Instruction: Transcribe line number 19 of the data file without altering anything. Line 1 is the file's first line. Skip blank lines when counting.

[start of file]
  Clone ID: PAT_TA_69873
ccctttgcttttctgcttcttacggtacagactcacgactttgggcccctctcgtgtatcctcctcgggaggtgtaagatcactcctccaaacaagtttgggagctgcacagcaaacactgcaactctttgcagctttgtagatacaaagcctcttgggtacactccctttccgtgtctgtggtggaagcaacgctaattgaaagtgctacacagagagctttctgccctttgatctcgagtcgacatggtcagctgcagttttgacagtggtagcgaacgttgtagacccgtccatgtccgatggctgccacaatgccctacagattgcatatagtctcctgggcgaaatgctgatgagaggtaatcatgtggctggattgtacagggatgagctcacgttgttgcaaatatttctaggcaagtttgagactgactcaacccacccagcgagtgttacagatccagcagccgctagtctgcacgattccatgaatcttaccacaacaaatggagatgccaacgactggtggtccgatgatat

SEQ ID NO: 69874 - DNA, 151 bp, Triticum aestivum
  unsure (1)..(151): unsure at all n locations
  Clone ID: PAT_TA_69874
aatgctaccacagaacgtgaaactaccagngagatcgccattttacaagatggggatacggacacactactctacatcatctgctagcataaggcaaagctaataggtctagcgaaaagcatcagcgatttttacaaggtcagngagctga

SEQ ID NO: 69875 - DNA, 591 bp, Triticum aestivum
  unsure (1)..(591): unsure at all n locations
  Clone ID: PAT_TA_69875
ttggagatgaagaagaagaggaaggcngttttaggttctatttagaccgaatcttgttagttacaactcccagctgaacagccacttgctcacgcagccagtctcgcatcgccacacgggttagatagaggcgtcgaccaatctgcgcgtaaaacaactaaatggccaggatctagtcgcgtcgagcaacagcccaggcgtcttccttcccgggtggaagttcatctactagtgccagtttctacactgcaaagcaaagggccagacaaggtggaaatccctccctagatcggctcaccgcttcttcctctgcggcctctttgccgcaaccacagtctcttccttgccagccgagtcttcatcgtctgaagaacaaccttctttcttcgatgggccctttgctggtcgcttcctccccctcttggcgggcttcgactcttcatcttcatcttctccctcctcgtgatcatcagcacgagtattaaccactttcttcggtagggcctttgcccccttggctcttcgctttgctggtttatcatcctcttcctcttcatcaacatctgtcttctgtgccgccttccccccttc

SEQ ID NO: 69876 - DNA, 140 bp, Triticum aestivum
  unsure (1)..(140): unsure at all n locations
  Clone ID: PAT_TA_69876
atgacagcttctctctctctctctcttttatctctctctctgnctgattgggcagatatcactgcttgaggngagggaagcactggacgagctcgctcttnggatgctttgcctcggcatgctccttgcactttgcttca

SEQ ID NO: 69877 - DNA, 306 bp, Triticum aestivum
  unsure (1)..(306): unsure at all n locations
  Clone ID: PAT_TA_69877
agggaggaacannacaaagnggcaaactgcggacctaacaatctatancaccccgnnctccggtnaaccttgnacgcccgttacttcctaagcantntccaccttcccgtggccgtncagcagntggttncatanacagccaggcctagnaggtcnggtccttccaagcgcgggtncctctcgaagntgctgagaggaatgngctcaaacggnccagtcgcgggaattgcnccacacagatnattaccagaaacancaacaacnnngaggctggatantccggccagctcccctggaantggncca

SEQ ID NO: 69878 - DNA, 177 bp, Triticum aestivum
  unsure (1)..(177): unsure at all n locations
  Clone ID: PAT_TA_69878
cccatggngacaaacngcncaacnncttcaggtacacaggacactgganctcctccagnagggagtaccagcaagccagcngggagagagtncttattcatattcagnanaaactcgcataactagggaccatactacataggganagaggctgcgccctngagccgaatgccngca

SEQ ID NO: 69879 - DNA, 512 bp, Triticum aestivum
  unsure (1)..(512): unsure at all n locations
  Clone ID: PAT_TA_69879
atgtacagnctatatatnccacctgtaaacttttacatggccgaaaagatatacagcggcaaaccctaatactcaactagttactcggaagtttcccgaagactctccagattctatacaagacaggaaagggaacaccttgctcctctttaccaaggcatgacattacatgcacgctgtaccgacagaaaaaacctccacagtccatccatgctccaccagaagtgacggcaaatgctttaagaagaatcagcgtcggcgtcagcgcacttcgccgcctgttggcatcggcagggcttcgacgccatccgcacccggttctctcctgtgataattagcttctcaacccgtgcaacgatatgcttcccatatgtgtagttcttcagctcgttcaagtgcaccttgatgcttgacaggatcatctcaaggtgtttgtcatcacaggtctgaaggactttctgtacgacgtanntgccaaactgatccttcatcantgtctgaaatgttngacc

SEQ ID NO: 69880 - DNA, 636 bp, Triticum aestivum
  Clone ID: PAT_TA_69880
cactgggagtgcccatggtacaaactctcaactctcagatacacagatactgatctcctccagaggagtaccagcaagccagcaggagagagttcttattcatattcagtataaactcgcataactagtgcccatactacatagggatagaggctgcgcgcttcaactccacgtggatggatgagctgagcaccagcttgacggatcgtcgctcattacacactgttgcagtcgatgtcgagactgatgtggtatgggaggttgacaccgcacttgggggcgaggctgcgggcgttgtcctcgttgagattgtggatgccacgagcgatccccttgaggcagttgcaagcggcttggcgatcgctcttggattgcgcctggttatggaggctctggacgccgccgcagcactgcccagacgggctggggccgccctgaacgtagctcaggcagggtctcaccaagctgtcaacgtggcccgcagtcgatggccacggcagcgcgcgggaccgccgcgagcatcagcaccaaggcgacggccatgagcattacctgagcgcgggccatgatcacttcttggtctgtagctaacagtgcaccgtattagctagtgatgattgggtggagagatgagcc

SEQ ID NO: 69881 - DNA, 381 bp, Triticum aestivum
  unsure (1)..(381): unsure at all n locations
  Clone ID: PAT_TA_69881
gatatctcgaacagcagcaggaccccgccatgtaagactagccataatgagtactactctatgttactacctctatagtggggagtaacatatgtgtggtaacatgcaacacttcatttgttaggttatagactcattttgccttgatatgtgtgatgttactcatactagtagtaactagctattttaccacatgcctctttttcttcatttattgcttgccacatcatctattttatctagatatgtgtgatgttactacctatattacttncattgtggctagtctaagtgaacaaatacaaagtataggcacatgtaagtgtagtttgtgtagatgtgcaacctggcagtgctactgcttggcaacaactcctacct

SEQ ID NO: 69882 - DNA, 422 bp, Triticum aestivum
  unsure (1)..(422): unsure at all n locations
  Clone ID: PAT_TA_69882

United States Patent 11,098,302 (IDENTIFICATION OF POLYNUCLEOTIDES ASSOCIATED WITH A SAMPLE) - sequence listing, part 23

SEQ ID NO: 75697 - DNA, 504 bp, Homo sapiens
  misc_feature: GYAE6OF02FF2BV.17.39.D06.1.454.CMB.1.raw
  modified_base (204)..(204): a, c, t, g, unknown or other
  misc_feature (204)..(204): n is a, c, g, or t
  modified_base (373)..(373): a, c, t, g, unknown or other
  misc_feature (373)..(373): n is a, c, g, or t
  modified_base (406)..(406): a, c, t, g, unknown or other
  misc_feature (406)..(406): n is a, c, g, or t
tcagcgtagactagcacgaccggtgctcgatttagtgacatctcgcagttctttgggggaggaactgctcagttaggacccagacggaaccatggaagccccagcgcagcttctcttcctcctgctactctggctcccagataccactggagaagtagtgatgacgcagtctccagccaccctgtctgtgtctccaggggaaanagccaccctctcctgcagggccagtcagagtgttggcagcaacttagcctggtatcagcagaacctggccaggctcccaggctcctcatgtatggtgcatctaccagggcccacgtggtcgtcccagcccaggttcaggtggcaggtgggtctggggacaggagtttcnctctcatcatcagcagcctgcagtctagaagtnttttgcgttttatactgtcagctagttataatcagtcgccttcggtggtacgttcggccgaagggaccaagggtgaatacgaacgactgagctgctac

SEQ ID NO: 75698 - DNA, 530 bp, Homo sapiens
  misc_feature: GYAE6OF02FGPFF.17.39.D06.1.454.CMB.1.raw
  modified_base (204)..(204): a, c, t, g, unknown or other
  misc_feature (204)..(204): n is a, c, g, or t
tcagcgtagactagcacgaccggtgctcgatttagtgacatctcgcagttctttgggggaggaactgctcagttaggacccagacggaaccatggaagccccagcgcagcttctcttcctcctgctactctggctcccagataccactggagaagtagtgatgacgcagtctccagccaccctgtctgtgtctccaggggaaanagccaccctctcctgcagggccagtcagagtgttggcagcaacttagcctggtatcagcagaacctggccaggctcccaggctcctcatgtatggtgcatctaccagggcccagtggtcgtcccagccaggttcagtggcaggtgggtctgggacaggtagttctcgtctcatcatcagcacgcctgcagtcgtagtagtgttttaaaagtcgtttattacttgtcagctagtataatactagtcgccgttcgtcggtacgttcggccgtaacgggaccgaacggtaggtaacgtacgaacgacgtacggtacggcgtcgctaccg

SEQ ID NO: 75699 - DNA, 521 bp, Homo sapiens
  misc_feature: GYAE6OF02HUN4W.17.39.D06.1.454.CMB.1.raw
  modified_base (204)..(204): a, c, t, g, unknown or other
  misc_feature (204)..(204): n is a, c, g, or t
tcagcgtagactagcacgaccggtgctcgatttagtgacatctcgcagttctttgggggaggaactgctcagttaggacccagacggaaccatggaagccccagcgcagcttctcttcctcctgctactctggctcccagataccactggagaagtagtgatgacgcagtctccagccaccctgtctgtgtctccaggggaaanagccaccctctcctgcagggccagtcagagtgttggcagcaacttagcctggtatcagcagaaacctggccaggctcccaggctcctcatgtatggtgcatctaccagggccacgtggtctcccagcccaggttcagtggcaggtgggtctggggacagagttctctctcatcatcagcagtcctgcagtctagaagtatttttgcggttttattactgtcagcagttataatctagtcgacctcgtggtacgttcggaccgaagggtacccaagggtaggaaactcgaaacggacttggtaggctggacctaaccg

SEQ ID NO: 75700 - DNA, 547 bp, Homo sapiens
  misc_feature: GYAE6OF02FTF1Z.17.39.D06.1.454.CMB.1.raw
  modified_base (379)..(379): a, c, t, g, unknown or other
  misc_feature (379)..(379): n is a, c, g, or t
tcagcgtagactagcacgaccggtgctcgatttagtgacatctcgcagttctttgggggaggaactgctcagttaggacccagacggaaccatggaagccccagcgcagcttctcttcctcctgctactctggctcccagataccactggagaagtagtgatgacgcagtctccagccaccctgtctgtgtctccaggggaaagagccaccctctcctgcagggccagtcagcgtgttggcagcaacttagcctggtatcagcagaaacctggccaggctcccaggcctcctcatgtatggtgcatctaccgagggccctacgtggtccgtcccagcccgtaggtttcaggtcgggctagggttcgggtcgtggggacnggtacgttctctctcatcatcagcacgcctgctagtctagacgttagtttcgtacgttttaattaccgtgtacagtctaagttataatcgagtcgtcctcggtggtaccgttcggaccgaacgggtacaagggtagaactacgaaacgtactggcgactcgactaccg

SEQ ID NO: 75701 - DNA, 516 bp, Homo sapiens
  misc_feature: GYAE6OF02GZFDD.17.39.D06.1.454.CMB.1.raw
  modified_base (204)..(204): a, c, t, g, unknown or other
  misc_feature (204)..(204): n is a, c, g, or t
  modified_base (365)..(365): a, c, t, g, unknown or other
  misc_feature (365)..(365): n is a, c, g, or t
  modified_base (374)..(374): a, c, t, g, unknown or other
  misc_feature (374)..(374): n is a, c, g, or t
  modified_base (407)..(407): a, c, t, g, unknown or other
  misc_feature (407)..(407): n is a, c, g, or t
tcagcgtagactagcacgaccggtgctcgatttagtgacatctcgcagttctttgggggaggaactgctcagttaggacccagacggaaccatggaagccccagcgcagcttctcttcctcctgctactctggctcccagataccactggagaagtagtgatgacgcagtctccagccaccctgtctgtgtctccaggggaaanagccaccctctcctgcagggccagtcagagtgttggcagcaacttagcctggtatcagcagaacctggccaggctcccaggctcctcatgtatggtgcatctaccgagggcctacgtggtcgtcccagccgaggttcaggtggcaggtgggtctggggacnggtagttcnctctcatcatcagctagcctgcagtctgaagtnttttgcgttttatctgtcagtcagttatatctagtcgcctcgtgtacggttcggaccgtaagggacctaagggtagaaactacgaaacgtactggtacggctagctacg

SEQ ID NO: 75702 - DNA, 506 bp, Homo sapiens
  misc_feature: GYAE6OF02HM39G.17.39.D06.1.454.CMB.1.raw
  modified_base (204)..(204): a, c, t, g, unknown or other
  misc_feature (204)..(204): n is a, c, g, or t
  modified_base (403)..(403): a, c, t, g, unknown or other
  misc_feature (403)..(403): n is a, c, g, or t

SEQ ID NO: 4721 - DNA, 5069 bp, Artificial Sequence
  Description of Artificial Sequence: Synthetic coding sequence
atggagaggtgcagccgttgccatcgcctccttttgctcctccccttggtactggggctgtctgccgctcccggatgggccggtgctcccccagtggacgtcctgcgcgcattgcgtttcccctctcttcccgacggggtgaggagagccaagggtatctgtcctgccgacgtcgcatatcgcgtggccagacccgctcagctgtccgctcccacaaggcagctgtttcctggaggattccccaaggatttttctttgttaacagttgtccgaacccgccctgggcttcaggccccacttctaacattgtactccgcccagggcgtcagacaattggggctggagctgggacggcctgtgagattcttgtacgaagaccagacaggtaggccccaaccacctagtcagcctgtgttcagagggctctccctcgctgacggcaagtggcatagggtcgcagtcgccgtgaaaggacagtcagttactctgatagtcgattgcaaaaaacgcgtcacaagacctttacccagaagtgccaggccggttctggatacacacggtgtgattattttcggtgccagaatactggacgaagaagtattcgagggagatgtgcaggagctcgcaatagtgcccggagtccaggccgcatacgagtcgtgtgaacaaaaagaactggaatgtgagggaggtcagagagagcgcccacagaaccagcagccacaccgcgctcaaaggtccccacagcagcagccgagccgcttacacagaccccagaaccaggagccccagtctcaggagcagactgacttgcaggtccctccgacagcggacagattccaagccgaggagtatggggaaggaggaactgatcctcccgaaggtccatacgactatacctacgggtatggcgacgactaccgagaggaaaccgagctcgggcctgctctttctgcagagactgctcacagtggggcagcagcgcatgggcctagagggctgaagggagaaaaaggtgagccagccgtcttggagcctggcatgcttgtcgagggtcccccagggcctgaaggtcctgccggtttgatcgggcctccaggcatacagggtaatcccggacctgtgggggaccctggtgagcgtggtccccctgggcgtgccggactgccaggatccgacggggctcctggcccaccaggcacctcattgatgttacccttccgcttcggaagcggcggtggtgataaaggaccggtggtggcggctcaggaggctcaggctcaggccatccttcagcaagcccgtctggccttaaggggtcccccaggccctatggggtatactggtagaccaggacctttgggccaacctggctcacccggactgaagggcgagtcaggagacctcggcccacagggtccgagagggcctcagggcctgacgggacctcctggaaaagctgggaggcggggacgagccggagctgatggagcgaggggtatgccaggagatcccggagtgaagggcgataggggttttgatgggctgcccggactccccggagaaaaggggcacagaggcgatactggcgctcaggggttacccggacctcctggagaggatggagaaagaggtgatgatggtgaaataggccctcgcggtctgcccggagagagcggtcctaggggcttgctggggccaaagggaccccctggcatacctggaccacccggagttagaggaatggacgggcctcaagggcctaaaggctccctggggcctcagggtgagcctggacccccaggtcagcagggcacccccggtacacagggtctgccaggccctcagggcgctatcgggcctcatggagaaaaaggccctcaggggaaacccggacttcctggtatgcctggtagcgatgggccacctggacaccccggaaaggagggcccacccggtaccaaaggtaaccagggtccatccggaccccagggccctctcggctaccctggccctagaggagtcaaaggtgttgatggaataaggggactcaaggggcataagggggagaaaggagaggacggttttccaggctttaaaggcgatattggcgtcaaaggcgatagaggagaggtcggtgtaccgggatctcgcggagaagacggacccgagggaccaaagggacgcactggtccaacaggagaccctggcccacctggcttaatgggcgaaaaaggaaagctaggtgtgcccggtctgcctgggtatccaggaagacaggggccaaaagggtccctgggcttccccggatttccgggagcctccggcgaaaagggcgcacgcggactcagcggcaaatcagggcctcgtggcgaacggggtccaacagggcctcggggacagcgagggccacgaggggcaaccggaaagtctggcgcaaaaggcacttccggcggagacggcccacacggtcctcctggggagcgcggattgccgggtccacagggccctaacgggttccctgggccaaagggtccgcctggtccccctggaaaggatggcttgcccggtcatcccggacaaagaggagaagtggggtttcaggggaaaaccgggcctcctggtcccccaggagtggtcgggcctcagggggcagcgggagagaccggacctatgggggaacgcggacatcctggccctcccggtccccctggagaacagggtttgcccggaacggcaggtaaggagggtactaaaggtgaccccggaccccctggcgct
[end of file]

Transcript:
SEQ ID NO: 69878 - DNA, 177 bp, Triticum aestivum